I discovered something last night. The Chinese language has a secret language.
No, I am not exaggerating, It’s real.
Ok I MAY be exaggerating, but in all my years of learning Chinese, I can’t believe I never noticed this.
Last week I’m eating lunch with my friends Jenny and Elly. Jenny asked Elly, in Chinese, whether she planned on going skating this weekend. Elly had about 3 forkfuls of fish in her mouth, so she made some noises back. I laughed, I mean there was fish juice coming out of her mouth. Ok that actually sounds gross, but I swear it was funny. but then. THEN. Jenny said “Then why not go at 3 instead?”
I realized then, that Elly just communicated without forming words. And i don’t mean your typical “uh uh’ or ‘mmhmm’ or even a disgust face. I mean a complex sentence. ‘Sentences’ actually. They had a conversation for 5 minutes without forming a single consonant, just using sounds, since both ate at the same time.
Then it was like the world clicked. A new door had been opened. A couple of friends who are also studying Chinese as a second language noticed the same thing and had pretty much the same reaction.
To explain, In terms of speaking Chinese, there’s only so many combinations of letters you can make to mean different things before you run out. So, the solution was tones! You could use the same three letters ‘wen’ to mean 4 different things! [i.e 问wèn-ask, 文wén-language, 鳁wēn-sardine, 吻wěn-kiss] All due to the handy dandy little lines on top of the vowels.
This is also why a lot of people stop learning Chinese in the first year. To quote an ex-friend from high school “It’s like you’re singing a song you never learned and the tune changes every second.” This is also why people sound especially dumb when doing the oh so funny ‘ching chong ling long’ thing and make their tones go up and down because surprise surprise those noises mean something you ass.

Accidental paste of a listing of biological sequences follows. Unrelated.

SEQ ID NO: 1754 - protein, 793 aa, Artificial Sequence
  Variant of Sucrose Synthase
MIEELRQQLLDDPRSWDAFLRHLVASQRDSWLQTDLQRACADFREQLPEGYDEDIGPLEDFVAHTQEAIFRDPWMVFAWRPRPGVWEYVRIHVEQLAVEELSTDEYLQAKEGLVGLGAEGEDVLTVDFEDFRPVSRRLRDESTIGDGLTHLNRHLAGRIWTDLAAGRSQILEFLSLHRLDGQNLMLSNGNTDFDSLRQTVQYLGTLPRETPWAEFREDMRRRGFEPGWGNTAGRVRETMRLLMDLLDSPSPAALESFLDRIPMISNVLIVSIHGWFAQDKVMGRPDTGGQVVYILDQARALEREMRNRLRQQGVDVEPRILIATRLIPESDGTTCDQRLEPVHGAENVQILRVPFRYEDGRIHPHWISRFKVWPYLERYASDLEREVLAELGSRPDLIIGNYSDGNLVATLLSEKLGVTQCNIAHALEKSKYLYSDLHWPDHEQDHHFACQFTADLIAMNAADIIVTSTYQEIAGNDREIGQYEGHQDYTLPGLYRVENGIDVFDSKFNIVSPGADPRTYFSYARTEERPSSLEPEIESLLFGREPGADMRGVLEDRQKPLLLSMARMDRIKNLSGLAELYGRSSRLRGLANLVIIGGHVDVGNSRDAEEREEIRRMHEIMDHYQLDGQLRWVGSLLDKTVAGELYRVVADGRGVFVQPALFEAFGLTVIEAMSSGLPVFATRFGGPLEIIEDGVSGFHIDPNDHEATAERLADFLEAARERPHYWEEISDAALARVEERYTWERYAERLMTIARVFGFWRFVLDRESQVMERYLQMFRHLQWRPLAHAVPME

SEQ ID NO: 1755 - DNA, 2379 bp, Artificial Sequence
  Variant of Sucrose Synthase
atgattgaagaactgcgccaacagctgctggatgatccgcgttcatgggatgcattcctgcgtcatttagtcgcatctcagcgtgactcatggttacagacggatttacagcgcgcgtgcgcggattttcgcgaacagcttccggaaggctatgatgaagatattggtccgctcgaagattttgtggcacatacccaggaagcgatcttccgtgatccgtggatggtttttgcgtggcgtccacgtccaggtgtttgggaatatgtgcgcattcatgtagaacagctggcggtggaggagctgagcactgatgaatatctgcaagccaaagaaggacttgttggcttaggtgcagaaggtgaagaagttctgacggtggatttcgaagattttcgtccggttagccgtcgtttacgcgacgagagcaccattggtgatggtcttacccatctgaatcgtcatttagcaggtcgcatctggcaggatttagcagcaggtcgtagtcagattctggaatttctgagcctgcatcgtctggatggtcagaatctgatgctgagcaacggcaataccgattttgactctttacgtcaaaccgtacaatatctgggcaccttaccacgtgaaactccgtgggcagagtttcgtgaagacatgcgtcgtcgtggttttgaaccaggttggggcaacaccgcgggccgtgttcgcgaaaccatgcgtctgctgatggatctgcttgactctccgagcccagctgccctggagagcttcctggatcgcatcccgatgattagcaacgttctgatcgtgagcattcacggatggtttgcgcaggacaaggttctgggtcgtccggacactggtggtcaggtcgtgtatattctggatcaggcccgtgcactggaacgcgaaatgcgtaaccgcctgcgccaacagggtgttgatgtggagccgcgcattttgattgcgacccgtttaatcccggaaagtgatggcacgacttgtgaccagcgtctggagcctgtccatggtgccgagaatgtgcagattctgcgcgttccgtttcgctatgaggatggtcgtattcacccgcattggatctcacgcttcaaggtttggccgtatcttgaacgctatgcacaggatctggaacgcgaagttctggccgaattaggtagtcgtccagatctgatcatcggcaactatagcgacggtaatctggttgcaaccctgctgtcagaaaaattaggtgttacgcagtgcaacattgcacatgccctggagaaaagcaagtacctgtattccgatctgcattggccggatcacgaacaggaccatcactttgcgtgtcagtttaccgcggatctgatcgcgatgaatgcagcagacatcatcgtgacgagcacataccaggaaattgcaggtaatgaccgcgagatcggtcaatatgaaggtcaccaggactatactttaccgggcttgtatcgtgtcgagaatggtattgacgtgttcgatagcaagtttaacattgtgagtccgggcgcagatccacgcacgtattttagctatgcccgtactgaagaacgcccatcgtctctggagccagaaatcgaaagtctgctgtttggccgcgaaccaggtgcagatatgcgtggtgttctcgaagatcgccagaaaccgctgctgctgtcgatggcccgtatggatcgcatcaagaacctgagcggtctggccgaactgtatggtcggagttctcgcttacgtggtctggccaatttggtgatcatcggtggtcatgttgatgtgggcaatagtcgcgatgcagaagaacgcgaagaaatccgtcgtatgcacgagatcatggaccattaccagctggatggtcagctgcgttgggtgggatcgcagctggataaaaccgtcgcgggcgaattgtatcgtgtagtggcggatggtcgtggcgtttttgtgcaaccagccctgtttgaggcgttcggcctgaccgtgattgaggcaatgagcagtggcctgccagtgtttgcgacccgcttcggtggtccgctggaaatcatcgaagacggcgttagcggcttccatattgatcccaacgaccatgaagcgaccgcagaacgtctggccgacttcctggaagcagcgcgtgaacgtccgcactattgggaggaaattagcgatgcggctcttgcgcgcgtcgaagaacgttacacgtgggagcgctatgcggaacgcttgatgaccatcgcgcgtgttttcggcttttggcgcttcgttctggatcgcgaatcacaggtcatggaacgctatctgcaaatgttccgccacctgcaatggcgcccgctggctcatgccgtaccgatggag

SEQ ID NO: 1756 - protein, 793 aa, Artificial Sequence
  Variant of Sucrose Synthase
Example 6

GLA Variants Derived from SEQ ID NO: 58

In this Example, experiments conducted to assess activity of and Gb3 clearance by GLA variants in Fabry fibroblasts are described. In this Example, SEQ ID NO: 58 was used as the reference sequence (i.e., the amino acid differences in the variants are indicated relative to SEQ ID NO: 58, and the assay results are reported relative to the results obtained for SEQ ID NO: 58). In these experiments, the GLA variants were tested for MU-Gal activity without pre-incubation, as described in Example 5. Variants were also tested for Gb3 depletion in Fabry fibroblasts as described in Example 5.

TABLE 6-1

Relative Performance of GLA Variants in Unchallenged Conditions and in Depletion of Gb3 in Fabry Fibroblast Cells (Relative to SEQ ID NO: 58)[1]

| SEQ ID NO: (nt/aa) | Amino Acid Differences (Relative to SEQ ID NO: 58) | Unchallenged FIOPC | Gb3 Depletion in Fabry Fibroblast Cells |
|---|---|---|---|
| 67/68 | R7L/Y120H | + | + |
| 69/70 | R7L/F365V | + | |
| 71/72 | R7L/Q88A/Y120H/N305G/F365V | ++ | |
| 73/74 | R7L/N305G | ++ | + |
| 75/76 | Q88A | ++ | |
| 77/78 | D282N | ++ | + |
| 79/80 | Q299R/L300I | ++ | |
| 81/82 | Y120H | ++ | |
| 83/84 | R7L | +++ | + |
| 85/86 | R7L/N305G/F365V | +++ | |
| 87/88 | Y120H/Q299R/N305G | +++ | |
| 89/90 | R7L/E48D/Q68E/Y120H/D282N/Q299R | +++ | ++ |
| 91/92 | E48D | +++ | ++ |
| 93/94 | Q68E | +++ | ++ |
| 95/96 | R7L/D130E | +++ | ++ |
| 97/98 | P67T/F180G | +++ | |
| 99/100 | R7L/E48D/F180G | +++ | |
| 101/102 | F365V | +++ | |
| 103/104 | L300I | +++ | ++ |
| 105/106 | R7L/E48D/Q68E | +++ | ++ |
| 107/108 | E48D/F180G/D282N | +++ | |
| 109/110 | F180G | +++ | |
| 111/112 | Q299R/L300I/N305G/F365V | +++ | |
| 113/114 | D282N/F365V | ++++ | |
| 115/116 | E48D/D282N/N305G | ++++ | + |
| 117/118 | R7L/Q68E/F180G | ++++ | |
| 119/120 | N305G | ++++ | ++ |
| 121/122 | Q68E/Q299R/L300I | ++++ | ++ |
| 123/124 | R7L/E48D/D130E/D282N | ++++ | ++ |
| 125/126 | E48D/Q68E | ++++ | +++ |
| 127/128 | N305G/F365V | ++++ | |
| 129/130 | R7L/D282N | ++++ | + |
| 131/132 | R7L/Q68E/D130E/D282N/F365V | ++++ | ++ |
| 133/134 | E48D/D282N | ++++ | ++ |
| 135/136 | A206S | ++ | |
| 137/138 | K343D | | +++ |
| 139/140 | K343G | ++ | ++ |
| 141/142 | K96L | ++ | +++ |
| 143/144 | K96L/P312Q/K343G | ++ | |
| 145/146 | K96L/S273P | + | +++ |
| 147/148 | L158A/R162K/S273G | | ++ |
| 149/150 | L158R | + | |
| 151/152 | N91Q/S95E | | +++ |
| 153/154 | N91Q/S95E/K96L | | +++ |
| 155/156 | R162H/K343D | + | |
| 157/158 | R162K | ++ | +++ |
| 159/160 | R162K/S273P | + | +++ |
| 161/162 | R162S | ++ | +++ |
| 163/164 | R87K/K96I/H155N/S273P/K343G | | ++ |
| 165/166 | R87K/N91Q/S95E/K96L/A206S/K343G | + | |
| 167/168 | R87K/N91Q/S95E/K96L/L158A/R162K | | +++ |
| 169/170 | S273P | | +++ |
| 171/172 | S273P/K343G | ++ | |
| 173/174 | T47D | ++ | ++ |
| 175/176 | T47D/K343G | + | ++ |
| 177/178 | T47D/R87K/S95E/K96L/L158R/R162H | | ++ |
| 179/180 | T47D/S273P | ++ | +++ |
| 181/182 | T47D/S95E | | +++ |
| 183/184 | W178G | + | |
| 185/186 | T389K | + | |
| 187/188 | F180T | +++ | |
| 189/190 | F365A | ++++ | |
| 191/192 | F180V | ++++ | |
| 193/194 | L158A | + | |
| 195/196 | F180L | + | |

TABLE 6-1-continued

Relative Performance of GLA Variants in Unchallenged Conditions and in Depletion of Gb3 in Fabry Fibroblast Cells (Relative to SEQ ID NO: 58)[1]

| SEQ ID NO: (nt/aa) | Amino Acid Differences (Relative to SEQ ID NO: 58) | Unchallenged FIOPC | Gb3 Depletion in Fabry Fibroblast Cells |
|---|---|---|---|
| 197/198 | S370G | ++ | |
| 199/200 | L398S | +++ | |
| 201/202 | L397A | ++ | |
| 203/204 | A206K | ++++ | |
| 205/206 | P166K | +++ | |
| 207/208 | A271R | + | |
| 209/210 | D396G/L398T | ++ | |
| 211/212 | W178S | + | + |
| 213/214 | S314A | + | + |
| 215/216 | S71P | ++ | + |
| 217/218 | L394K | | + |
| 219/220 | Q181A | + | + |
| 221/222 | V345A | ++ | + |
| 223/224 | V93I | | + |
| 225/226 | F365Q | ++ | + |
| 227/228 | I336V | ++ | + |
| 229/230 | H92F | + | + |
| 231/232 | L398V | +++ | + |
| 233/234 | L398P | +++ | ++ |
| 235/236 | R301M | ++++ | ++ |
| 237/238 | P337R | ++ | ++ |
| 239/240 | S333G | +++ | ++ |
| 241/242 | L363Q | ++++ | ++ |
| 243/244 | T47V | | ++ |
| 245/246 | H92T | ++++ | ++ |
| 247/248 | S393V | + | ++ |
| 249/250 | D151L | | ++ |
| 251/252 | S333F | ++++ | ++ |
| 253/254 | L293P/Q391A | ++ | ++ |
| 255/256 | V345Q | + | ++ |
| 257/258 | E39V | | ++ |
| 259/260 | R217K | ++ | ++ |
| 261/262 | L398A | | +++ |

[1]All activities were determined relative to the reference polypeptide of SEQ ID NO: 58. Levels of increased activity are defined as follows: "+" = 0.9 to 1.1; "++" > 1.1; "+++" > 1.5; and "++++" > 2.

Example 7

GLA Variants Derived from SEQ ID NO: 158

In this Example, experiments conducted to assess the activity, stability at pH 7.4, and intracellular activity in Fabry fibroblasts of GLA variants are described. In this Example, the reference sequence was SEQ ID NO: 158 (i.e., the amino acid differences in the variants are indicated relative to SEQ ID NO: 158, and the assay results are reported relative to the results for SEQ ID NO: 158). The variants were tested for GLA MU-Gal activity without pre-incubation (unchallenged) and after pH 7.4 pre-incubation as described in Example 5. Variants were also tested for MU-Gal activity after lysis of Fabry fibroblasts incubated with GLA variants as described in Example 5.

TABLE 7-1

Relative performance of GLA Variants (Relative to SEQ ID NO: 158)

Anyway, back to my mind being blown.
The nature of using tones lends itself perfectly to this closed-mouth method of speaking. I’ll try to explain it with English..
If you’re talking to a friend about where to eat, and they say ‘How about the restaurant down the tree?’ rather than ‘How about that restaurant down the street?’ you would still understand what they meant because of context and the fact that ‘tree’ sounds an awful lot like ‘street’. Or, better yet, if they didn’t even use consonants when saying that sentence, you would probably be able to guess what they said. This is the exact same concept.
If I said to a friend in Chinese “How are you?” without actually opening my mouth, The combination of tones could mean maybe 15 different sentences. Within context, probably me seeing them for the first time in a while, you could whittle down to 3, maybe. From there its just a question of following the conversation.
Now, I have not perfected this, probably never will, but it was a pretty cool thing and I wanted to share so…..
Have a good day.